After failing to see the appeal for a long time, I recently started using FaceBook regularly. The main reasons for the change were the desire to keep in better contact with younger members of my family – who use it fairly heavily but never email (you know who you are) – and the ease of connecting and sharing with diverse acquaintances scattered around the globe.
I do appreciate the ability to share links and bits of information with the widely diverse group of “friends” that I have in FaceBook, and to see the information that they choose to share. The gossipy bits and status updates also provide a bit of humor and some sense of human connection to brighten up the long, lonely hours of info-slog on my computer in the library. And FaceBook is clearly an excellent way of doing these things – of creating and maintaining, without much effort, a low-level, fairly trivial kind of social network.
But my increasing use of FaceBook has coincided with something of a sea change in FaceBook and its relations to both the wider internet and its users – in particular the recent changes to the “like” feature, its integration with a number of major commercial players on the net, and the ability of third parties to access and data-mine our activities on FaceBook.
These most recent changes come after a long period of simmering concern about privacy problems on FaceBook, and they seem to have brought that concern closer to the boiling point, though it still doesn’t seem quite as widespread as perhaps it should be.
It’s also interesting to consider the changed attitudes, access and APIs for third parties in light of FaceBook’s successful effort, only a few months ago, to shut down one of the more interest third-party FaceBook tools, the Web 2.0 Suicide Machine (see here for details). Clearly, the only activities that FaceBook wants to allow are those that contribute to its profits.
The full scope of this most recent set of FaceBook changes is still being discussed and analyzed, but a few things seem (to me) clear:
- FaceBook is attempting to make oodles of money by finding new ways of “monetizing” its users and their activities, and it looks like they’ve hit on a winning formula.
- FaceBook wants to dominant the internet, and, again, pundits and industry observes tend to feel they may be onto a winning formula.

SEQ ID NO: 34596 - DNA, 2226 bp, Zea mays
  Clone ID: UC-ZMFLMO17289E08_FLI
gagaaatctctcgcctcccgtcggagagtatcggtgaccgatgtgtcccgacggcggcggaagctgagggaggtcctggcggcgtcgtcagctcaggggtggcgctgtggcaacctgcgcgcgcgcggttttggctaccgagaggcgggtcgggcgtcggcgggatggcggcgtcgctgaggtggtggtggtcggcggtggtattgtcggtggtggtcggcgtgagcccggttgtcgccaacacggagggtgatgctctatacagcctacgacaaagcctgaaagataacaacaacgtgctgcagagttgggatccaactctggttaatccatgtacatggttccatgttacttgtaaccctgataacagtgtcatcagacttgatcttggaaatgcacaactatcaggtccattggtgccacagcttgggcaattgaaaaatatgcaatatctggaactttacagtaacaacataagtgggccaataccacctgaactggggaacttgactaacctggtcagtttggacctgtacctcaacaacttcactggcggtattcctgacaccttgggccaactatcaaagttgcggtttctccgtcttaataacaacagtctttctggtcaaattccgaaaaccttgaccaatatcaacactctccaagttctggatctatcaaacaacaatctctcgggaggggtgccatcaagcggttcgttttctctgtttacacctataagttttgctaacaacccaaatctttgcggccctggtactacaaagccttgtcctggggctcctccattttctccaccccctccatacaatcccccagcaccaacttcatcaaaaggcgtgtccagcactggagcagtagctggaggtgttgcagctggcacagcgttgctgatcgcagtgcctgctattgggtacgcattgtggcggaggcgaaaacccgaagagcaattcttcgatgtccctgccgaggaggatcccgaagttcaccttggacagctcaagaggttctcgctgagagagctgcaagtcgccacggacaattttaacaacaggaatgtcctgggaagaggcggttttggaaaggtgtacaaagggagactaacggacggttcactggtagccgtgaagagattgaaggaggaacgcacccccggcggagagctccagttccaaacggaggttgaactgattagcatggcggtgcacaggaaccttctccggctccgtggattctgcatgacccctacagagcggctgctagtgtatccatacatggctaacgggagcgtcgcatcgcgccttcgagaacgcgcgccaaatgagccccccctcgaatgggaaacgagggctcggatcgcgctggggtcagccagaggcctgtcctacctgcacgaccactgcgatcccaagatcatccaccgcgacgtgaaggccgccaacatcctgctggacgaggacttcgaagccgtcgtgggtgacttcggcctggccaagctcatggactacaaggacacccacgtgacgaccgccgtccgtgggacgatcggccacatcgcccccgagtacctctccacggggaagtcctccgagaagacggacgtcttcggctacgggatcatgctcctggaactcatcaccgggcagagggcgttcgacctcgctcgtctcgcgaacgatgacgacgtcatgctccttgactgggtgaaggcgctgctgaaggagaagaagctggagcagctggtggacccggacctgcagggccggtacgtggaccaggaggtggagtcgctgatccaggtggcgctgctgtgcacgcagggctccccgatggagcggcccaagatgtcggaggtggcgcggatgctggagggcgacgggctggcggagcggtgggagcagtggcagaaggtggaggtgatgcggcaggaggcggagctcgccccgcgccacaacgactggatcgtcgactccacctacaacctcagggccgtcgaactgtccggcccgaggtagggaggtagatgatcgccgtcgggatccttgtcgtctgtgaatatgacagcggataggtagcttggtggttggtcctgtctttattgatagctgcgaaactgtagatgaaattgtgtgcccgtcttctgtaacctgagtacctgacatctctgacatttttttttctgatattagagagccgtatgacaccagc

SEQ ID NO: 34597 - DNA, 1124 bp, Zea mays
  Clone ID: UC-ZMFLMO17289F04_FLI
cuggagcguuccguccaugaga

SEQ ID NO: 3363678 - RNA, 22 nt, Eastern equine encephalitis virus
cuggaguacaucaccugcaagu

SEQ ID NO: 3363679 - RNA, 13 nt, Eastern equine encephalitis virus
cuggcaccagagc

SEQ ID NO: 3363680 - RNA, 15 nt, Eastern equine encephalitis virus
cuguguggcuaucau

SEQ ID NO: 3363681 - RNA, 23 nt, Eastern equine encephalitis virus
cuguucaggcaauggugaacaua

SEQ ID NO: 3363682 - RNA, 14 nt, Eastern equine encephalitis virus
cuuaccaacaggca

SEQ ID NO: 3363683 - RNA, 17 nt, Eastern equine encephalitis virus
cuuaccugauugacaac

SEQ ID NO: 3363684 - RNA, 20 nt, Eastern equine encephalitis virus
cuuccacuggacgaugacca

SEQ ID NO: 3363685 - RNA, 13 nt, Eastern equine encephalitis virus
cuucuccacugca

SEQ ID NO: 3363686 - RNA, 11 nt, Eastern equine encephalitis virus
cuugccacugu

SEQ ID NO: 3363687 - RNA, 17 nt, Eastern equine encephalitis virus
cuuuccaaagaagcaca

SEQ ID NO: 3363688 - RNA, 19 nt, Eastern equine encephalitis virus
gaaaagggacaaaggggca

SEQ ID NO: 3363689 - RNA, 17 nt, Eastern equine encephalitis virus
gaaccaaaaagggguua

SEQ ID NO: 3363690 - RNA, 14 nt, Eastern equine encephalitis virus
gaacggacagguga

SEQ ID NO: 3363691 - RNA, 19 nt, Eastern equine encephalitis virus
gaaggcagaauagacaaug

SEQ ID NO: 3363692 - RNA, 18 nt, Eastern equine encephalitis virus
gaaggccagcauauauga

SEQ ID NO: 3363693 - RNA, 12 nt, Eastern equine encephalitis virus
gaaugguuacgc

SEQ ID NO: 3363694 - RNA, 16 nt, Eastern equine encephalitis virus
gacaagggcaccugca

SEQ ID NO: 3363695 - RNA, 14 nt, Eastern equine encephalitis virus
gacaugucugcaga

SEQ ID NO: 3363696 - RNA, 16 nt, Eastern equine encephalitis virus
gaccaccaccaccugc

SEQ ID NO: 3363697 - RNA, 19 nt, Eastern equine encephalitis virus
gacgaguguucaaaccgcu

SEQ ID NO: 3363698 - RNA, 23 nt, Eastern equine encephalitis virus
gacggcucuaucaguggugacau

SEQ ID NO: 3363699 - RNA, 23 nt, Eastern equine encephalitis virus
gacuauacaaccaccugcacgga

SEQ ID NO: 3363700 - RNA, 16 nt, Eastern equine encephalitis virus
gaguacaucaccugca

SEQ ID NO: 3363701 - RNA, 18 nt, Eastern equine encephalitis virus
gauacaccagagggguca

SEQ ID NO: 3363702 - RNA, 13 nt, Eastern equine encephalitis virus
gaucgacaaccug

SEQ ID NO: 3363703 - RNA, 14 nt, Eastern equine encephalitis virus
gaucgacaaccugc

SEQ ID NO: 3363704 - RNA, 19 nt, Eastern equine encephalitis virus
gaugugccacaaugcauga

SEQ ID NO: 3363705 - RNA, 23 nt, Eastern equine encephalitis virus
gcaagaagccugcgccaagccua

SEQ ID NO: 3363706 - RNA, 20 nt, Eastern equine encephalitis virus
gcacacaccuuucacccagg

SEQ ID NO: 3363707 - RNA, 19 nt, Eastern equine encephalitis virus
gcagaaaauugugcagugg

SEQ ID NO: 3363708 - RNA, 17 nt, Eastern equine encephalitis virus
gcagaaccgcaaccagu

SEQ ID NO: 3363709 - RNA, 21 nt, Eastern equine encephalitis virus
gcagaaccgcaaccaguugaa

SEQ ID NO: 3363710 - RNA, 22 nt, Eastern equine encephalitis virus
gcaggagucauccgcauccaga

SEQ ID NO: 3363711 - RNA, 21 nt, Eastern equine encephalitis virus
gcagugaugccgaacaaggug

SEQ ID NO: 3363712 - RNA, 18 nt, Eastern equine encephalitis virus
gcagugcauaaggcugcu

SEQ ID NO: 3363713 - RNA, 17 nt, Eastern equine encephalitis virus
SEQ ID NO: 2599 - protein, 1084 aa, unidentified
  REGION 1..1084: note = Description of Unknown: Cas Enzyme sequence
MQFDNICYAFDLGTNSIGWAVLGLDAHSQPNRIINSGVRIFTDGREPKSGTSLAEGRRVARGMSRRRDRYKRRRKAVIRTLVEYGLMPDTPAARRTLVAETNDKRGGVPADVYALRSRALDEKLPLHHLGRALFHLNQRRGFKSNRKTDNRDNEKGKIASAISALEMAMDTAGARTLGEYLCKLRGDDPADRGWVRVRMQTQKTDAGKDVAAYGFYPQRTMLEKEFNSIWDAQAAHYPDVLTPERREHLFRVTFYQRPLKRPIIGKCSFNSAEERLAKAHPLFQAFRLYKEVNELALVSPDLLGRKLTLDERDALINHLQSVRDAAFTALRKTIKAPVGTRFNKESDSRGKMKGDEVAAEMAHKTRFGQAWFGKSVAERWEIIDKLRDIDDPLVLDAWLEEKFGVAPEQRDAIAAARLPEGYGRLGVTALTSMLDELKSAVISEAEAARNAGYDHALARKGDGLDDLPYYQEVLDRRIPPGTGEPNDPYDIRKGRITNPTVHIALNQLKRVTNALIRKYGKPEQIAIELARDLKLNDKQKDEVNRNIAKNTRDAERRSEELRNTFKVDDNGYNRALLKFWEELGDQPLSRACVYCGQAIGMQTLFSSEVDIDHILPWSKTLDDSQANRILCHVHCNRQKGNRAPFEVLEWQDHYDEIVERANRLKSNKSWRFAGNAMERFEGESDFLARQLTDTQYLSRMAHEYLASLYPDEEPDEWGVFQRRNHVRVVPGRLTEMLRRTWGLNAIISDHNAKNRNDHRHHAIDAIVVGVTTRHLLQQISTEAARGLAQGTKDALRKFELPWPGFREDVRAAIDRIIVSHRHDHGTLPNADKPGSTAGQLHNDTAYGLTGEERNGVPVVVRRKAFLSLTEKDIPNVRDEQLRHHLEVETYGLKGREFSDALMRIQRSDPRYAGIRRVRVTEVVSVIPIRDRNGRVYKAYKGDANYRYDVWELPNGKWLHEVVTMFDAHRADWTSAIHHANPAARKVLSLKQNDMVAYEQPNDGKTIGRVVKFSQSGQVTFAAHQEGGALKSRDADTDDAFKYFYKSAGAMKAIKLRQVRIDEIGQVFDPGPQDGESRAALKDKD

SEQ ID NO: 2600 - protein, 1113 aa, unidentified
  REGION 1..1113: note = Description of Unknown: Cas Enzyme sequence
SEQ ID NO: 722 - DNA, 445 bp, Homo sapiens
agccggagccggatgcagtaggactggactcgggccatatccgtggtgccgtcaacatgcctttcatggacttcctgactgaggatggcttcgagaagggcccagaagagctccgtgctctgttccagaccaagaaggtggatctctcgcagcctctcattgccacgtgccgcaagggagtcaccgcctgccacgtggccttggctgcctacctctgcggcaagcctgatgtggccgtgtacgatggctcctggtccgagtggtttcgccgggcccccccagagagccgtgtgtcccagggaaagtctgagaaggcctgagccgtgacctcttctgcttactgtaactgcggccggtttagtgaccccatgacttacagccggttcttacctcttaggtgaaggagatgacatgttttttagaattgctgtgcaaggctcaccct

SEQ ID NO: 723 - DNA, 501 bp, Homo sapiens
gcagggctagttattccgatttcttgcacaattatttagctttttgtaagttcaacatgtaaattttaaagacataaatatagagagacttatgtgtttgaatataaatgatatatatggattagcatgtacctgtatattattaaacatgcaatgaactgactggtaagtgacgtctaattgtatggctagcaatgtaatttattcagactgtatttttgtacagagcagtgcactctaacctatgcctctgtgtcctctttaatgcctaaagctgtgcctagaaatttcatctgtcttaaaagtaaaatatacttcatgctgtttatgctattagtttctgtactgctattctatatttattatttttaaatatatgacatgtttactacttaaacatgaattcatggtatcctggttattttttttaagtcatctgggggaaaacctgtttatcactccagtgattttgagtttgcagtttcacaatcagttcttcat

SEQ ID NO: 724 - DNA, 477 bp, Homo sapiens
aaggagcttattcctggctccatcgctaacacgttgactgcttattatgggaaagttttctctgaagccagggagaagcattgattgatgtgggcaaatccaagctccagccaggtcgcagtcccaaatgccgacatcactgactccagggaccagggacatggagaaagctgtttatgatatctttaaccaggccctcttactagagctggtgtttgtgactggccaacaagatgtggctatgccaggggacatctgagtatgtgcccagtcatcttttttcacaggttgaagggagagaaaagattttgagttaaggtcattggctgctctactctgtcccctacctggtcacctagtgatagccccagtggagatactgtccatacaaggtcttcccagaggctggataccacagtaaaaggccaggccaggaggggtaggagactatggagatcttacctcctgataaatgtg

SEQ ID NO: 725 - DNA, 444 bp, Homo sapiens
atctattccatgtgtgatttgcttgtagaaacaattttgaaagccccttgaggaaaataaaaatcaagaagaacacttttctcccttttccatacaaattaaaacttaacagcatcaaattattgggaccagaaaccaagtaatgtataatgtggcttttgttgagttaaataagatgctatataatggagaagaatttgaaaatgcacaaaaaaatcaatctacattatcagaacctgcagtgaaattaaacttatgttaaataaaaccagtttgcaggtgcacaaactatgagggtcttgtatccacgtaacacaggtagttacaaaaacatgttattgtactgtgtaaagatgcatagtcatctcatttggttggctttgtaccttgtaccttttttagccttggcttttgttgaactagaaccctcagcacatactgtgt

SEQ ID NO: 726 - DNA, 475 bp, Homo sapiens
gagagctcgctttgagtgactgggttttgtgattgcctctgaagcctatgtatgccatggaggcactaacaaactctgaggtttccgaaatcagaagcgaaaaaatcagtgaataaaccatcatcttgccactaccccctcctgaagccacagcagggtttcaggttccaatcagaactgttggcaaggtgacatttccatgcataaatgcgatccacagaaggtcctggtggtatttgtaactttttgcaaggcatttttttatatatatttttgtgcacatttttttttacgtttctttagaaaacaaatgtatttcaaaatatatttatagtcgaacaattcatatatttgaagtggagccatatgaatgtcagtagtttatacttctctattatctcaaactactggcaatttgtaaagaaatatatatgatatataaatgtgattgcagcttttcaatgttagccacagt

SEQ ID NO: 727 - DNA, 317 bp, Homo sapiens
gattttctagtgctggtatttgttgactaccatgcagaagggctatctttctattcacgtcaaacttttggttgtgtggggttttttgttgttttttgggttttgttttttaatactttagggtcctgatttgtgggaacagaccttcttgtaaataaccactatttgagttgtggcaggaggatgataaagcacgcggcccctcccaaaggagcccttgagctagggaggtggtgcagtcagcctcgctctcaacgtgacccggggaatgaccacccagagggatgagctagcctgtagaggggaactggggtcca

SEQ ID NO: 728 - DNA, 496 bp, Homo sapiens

- Key to both these (obviously isomorphic) aims is to integrate FaceBook with more and more of your activity elsewhere on the internet, and then to profit from the incredibly rich source of data this will generate.
This data will be used in a variety of ways for marketing activities. A few analogies may help – the resulting data will function like surveys, focus groups, market research, Nielsen ratings, and the like. Tracking your likes and dislikes, your internet travels, your purchases and page views will provide the sort of information that these various market research activities produce. The detailed information on you, the user, will also facilitate marketing you – that is, producing targeted ads, and selling ad agencies on the value of FaceBook as an advertising medium.
But all that data will be generated behind the scenes, without much conscious or overt input or choice on your part. When you are called by some market research or survey organization, or sent an invite to some questionnaire, you choose whether or not to participate – and whether or not to be scrupulously honest with all your answers. But FaceBook will collect all this info without any activity or choice on your part.
Even more worrying is the way all of this data is tied directly to your identity and stored as computer data, which allows it to be combined with data from other sources – credit agencies, for instance – to produce very powerful individual profiles.
And of course one of the biggest aspects of the problem is the way that FaceBook looks set to become something of a monopoly, in the same way that the Microsoft Office applications were for so long: so widely used that you were forced to use them too. As more and more people join FaceBook, and use it more and more in place of other internet social and communications tools (IM, email, etc.), there is a real pressure to join in – just as I joined in to stay in touch with my siblings and the younger generation.
We may have already passed the point where it is easy to quit FaceBook; certainly we have passed the point where any other social networking system will be able to easily challenge FaceBook’s dominance.
Smarter people than me with more experience in such areas will no doubt have a great deal more to say on these topics in the coming weeks and months. In the meantime, to bring you into the debate – and on the theory that where there’s smoke, there’s fire (or some sort of toxic exothermic reaction) – below are some recent tidbits on FaceBook from a variety of news and tech commentary sources. Note that not all of these sources are critical of FaceBook – but when TechCrunch says that FaceBook is “changing the Web, and our culture,” or talks about the productive ways our personal info can be used, even if that doesn’t bother them, it may still bother you. It certainly bothered me.
Facebook’s bid to rule the web as it goes social: “Facebook set out its stall to unseat Google and be at the heart of the web experience as it becomes more social.
The world’s largest social network unveiled a series of products at its developer conference F8 aimed at helping the company achieve that goal.
These tools will make it easier for users to take their friends with them as they browse the web.